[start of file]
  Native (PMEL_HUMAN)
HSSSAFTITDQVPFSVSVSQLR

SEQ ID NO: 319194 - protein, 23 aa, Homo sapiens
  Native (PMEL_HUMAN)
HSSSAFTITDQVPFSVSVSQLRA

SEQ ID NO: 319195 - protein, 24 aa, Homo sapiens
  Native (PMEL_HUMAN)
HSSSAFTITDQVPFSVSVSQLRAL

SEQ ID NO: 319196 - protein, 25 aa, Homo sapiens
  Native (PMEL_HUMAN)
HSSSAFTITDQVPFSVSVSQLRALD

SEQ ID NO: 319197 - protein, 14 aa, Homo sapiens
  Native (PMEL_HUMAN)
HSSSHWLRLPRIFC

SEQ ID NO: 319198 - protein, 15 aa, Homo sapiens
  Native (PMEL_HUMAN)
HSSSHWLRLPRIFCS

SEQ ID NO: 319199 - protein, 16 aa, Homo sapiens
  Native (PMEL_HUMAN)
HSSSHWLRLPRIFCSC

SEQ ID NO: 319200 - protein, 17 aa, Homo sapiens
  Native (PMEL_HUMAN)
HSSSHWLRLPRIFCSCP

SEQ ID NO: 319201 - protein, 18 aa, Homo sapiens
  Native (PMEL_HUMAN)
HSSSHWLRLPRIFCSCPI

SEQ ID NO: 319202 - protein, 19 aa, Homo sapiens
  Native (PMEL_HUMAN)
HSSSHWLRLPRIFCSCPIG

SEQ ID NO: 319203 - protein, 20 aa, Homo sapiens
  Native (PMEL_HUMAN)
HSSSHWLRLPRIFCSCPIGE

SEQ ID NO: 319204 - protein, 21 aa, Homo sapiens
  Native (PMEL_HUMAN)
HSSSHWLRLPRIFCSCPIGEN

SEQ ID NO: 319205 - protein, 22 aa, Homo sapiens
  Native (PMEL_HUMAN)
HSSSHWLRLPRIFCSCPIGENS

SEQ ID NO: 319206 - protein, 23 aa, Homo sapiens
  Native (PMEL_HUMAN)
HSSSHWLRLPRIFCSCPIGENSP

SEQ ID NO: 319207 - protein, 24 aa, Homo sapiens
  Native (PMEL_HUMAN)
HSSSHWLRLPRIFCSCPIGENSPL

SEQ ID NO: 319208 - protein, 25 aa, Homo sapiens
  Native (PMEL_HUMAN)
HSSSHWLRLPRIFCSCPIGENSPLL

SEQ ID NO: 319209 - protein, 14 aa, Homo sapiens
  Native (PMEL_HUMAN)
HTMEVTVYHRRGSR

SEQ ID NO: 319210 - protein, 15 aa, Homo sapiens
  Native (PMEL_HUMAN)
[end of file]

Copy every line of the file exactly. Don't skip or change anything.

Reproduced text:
  Native (PMEL_HUMAN)
HSSSAFTITDQVPFSVSVSQLR

SEQ ID NO: 319194 - protein, 23 aa, Homo sapiens
  Native (PMEL_HUMAN)
HSSSAFTITDQVPFSVSVSQLRA

SEQ ID NO: 319195 - protein, 24 aa, Homo sapiens
  Native (PMEL_HUMAN)
HSSSAFTITDQVPFSVSVSQLRAL

SEQ ID NO: 319196 - protein, 25 aa, Homo sapiens
  Native (PMEL_HUMAN)
HSSSAFTITDQVPFSVSVSQLRALD

SEQ ID NO: 319197 - protein, 14 aa, Homo sapiens
  Native (PMEL_HUMAN)
HSSSHWLRLPRIFC

SEQ ID NO: 319198 - protein, 15 aa, Homo sapiens
  Native (PMEL_HUMAN)
HSSSHWLRLPRIFCS

SEQ ID NO: 319199 - protein, 16 aa, Homo sapiens
  Native (PMEL_HUMAN)
HSSSHWLRLPRIFCSC

SEQ ID NO: 319200 - protein, 17 aa, Homo sapiens
  Native (PMEL_HUMAN)
HSSSHWLRLPRIFCSCP

SEQ ID NO: 319201 - protein, 18 aa, Homo sapiens
  Native (PMEL_HUMAN)
HSSSHWLRLPRIFCSCPI

SEQ ID NO: 319202 - protein, 19 aa, Homo sapiens
  Native (PMEL_HUMAN)
HSSSHWLRLPRIFCSCPIG

SEQ ID NO: 319203 - protein, 20 aa, Homo sapiens
  Native (PMEL_HUMAN)
HSSSHWLRLPRIFCSCPIGE

SEQ ID NO: 319204 - protein, 21 aa, Homo sapiens
  Native (PMEL_HUMAN)
HSSSHWLRLPRIFCSCPIGEN

SEQ ID NO: 319205 - protein, 22 aa, Homo sapiens
  Native (PMEL_HUMAN)
HSSSHWLRLPRIFCSCPIGENS

SEQ ID NO: 319206 - protein, 23 aa, Homo sapiens
  Native (PMEL_HUMAN)
HSSSHWLRLPRIFCSCPIGENSP

SEQ ID NO: 319207 - protein, 24 aa, Homo sapiens
  Native (PMEL_HUMAN)
HSSSHWLRLPRIFCSCPIGENSPL

SEQ ID NO: 319208 - protein, 25 aa, Homo sapiens
  Native (PMEL_HUMAN)
HSSSHWLRLPRIFCSCPIGENSPLL

SEQ ID NO: 319209 - protein, 14 aa, Homo sapiens
  Native (PMEL_HUMAN)
HTMEVTVYHRRGSR

SEQ ID NO: 319210 - protein, 15 aa, Homo sapiens
  Native (PMEL_HUMAN)